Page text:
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Quality in Nursing Center Care

A blog for and about The Joint Commission’s Nursing Care Center Accreditation Program.

Winning Practices as COVID-19 Evolves in Nursing Homes

11/02/2020

A nurse and an old man who sits in a wheelchair strolling in the park at sunset

By Sandra Carey, RN, BSN, MBA, CPHQ

In the early days of the COVID-19 pandemic, nursing homes were hit hard. The patient population was among the most vulnerable and staff found themselves scrambling to keep residents safe, despite isolation measures.

In April, Joint Commission Nursing Care Center Executive Director Gina Zimmermann blogged about her concerns that COVID-19 precautions “go against everything we’ve been taught about avoiding loneliness in nursing home settings.” Since then, the months have worn on and family visits have been phased back in with precautions, easing some residents’ isolation. 

I’ve been so impressed with the creativity of many of our accredited nursing homes during this difficult time. In a matter of weeks, so many organizations changed their entire practice models. The Nursing Care Center organizations I’ve surveyed have inspired me and some of their innovative ideas could easily be replicated in other nursing homes. Below are some highlights on the ingenious ways staff are finding workarounds during this difficult time.

Family Visitations
As I mentioned earlier, family members are now starting to be allowed to visit nursing homes residents again, per guidance from the Centers for Medicare and Medicaid Services (CMS). It’s been a great joy to see residents reunite with their loved ones after many long weeks apart.

There are certainly still risks involved with family visits. One organization I recently surveyed is using its now-shuttered dining room for family visits. The visiting relative can make an appointment to visit their loved one after presenting a negative COVID-19 test. They must still complete a written screen and have their temperature taken before entrance is allowed. They must also be socially distanced Also, visitation is usually limited to one or two family members.

Another best practice is to educate the family members on proper hand washing (the organizations can use their hand washing competency form for this). This way, the organization can be assured the family members wash their hands correctly before entering the organization and coming in contact with their loved ones.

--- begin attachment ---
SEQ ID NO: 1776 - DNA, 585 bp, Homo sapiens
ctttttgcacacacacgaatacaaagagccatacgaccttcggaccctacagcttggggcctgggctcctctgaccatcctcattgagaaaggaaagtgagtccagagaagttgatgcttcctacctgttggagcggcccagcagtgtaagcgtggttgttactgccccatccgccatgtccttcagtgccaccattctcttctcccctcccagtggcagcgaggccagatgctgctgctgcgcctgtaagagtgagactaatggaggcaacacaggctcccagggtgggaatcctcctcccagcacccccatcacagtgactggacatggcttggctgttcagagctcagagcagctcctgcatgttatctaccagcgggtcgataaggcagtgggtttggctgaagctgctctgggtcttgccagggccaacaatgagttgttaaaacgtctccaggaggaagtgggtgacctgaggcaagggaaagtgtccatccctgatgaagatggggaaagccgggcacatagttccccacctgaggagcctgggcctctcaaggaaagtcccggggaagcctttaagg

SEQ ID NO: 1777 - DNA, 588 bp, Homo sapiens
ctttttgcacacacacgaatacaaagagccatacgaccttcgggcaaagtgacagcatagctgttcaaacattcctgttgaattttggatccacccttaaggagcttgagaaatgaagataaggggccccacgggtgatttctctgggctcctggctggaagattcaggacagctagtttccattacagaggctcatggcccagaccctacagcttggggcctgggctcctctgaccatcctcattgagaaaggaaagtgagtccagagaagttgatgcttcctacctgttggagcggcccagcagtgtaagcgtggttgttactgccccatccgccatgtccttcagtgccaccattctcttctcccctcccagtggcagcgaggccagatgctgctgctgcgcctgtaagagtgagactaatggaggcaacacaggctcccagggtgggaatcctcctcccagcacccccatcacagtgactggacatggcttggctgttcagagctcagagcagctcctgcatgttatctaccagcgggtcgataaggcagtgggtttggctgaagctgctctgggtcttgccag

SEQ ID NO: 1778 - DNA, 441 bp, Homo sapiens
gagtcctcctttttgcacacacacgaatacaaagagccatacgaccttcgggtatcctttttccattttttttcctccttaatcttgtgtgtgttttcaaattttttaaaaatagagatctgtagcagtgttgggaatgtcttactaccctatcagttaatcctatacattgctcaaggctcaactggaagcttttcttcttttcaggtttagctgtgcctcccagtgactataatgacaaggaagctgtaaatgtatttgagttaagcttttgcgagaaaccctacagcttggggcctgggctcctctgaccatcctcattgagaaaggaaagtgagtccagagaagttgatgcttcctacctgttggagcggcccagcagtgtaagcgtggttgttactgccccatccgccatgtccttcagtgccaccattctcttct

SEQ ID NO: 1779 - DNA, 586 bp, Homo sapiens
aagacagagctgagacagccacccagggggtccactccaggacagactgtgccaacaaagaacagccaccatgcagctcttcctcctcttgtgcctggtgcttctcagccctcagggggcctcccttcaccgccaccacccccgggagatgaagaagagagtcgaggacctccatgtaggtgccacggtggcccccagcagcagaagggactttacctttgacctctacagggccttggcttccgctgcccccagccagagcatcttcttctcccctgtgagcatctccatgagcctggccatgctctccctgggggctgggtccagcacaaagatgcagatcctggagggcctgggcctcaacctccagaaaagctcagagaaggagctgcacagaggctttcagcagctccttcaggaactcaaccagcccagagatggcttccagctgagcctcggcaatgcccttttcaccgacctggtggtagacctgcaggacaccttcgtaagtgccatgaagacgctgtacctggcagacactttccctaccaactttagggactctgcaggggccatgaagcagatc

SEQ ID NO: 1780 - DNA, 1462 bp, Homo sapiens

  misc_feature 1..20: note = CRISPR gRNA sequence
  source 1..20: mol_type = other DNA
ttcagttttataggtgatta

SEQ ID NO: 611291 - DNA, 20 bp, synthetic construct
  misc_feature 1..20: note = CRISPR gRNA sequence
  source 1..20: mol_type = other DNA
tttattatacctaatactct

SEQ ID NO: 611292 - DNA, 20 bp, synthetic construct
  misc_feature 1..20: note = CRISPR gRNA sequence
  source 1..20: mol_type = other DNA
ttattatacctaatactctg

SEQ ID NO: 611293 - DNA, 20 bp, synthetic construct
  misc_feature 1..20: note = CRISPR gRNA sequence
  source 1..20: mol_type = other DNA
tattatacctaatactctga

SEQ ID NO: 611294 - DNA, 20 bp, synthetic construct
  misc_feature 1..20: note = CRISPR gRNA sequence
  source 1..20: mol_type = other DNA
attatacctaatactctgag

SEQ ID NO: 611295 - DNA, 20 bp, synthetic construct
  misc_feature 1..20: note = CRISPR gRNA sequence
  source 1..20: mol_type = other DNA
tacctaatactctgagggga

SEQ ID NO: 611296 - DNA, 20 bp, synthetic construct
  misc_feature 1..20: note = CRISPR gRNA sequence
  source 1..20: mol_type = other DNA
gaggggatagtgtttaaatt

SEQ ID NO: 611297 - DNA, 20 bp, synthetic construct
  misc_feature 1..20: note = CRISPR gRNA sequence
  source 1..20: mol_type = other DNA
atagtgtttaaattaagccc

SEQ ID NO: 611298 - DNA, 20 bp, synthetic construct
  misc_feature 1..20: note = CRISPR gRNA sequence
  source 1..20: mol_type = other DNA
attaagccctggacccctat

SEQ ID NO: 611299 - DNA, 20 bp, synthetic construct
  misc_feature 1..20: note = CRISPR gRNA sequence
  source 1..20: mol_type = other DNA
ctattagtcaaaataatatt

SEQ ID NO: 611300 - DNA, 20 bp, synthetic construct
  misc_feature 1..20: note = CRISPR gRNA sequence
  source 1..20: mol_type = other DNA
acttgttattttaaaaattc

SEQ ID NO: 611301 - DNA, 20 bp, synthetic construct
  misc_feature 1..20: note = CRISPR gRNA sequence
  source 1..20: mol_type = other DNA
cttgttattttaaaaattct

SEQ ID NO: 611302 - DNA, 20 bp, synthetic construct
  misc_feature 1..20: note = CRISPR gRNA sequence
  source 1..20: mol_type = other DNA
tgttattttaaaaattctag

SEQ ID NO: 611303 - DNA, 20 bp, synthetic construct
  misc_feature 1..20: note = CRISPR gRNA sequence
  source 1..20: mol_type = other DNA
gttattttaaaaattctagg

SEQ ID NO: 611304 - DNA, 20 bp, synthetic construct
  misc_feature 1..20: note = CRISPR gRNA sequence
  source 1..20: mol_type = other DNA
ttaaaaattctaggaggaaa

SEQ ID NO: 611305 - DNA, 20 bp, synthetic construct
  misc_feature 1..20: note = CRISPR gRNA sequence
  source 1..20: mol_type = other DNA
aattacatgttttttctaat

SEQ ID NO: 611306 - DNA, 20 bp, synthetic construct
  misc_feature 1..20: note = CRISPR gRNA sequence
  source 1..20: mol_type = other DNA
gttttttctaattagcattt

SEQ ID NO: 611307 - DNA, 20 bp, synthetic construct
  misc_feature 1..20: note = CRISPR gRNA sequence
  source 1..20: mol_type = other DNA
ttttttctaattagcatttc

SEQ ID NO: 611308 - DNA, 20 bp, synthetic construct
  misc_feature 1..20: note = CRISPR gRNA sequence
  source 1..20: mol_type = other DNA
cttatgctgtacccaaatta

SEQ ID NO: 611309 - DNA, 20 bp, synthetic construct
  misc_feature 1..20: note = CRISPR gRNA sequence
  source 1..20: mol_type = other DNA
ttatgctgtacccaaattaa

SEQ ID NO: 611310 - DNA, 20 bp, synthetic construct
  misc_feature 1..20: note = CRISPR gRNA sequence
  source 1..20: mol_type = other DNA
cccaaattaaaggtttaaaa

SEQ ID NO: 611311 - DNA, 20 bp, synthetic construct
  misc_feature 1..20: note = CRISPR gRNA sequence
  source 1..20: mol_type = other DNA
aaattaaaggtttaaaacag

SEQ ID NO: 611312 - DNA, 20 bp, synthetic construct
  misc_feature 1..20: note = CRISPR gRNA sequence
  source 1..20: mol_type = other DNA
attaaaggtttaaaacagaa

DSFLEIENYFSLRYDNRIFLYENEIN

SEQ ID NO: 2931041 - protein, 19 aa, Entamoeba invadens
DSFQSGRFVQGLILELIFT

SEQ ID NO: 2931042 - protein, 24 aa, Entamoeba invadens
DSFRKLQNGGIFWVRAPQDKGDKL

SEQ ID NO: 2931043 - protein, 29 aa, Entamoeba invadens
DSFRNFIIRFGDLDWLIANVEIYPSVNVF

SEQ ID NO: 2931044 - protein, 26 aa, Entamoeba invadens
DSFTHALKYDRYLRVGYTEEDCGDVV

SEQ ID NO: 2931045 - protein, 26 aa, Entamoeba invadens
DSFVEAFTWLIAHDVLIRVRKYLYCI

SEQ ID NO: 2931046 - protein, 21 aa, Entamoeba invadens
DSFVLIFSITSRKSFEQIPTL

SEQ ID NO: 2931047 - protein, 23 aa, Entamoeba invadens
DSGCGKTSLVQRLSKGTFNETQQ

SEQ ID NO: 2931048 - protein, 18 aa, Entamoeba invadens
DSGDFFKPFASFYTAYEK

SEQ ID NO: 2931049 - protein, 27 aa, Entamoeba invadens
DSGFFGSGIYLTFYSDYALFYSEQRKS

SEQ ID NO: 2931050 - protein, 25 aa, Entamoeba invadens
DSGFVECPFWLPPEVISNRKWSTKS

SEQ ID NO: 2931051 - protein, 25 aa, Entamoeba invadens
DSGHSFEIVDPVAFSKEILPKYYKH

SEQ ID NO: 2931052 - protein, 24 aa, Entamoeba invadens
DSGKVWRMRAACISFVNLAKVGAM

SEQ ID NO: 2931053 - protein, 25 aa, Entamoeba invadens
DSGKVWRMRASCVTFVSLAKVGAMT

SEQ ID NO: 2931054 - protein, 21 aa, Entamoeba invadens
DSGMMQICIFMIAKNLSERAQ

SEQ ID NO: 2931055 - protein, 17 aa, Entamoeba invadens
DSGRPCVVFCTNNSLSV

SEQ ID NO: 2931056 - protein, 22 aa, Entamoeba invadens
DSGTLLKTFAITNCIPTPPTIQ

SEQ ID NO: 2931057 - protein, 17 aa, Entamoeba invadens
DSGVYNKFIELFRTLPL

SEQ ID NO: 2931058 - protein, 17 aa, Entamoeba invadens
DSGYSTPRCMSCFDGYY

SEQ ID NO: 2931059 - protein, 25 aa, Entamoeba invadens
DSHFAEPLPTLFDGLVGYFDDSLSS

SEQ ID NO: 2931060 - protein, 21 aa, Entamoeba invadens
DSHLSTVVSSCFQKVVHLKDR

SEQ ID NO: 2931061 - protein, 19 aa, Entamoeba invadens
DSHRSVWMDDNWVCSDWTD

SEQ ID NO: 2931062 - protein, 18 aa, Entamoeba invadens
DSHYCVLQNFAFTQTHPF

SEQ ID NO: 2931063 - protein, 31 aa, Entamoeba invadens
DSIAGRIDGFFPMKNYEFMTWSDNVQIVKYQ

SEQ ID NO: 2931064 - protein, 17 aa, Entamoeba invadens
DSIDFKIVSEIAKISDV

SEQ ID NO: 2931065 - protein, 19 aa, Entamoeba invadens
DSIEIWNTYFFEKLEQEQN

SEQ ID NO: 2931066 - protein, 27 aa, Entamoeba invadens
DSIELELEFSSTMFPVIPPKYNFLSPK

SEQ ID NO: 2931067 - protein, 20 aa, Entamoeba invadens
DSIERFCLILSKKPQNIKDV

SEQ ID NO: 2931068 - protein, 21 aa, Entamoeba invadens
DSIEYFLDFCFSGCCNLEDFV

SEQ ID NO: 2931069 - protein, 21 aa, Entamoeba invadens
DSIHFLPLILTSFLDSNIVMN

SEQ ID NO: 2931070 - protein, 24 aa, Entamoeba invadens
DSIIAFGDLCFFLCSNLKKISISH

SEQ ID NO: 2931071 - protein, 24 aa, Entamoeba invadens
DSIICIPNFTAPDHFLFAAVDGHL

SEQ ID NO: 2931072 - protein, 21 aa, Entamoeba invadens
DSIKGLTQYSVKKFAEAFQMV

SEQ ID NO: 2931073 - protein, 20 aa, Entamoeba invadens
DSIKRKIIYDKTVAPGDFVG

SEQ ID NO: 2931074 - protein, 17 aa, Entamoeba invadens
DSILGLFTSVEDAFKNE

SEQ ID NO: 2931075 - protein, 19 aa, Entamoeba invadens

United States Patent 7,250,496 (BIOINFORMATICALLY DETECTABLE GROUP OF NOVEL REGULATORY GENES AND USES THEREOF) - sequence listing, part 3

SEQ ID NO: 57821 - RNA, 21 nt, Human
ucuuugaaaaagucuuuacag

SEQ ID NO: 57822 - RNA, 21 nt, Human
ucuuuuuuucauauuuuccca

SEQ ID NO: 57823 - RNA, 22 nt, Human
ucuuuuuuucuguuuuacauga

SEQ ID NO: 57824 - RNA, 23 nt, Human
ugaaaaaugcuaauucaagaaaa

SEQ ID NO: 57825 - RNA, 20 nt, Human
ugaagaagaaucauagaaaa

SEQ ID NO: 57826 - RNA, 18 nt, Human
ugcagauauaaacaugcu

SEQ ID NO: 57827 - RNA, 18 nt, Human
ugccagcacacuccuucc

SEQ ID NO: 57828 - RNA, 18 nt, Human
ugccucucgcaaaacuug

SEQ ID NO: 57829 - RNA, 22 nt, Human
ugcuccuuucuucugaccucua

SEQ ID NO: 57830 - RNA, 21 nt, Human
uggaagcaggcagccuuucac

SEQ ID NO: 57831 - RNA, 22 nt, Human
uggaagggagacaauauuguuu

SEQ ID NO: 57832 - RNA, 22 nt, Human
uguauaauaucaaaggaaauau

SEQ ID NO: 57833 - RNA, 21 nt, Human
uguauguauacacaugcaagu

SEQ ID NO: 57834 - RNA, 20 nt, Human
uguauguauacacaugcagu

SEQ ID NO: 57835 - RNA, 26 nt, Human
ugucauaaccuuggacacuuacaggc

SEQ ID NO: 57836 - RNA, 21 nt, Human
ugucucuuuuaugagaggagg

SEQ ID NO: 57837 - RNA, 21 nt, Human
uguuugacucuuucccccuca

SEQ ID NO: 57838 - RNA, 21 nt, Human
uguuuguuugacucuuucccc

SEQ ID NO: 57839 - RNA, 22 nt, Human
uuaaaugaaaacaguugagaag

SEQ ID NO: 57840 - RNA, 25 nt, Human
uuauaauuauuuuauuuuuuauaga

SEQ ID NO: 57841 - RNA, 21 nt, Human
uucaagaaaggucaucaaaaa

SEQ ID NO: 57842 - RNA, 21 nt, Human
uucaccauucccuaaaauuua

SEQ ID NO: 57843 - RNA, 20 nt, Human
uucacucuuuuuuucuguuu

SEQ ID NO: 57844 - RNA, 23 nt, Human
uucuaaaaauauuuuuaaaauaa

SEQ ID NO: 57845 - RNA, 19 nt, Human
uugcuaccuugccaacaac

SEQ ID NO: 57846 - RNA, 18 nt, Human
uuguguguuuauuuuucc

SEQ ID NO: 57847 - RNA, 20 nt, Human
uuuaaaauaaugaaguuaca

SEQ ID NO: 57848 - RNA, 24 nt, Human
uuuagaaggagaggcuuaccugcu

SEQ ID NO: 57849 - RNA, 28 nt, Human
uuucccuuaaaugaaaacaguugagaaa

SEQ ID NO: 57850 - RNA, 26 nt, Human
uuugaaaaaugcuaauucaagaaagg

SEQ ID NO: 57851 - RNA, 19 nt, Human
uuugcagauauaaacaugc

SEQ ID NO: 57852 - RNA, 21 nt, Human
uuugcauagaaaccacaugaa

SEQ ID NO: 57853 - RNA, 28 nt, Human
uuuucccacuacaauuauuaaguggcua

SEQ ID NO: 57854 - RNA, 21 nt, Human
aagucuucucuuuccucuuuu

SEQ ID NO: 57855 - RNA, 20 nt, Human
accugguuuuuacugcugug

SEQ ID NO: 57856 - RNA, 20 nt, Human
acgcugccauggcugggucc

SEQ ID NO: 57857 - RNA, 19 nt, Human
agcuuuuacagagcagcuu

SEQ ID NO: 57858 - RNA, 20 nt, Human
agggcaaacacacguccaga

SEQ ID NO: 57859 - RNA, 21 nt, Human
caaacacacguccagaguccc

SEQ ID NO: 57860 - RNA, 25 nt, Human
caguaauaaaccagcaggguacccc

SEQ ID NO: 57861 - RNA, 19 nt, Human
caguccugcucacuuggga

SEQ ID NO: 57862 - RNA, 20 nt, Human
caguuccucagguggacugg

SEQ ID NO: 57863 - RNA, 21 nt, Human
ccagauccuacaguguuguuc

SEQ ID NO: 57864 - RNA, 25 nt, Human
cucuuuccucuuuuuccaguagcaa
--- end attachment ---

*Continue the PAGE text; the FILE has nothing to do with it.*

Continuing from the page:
Limiting food sharing between families remains a good idea at this point. One accredited nursing care center organization is allowing food prepared and packaged by a restaurant to be brought to residents by family members, but nothing from a home kitchen. Similarly, many nursing homes have moved laundry services in-house to avoid bringing anything contaminated from private homes into the facility.

Another organization posts room numbers on the resident’s windows facing outward. This way, families can visit their loved ones who are outside by simply speaking with them on their cell phones through the windows.

Contact Tracing
CMS has largely left contact tracing responsibilities to  health care organizations or local authorities. It can be an overwhelming undertaking, especially when dealing with such a vulnerable resident population.

One of the simplest solutions I’ve seen streamlines the contact tracing process  – a nursing home placed a sheet of paper inside a plastic wrap and secured it to each patient’s door. Staff members and any visitors sign the sheet before entering the room each time. Administration stores the sheets for 14 days and can easily coact trace who has been in the room, if a patient should test positive. Simple yet brilliant!

Two-Week Holding Units
Positive cases of COVID-19 have been associated with new admissions and/or transfers from hospitals. It would be a lot easier if there were a COVID-19 Care Pathway through the INTERACT System, (Interventions to Reduce Acute Care Transfers) )  a quality improvement program that focuses on the management of acute change in resident condition. that’s used by most nursing homes and is designed to decrease the number of patients returning to hospitals. This tool outlines symptoms and prompts nurses to ask doctors about specific in-house interventions before entering orders to return to the hospital.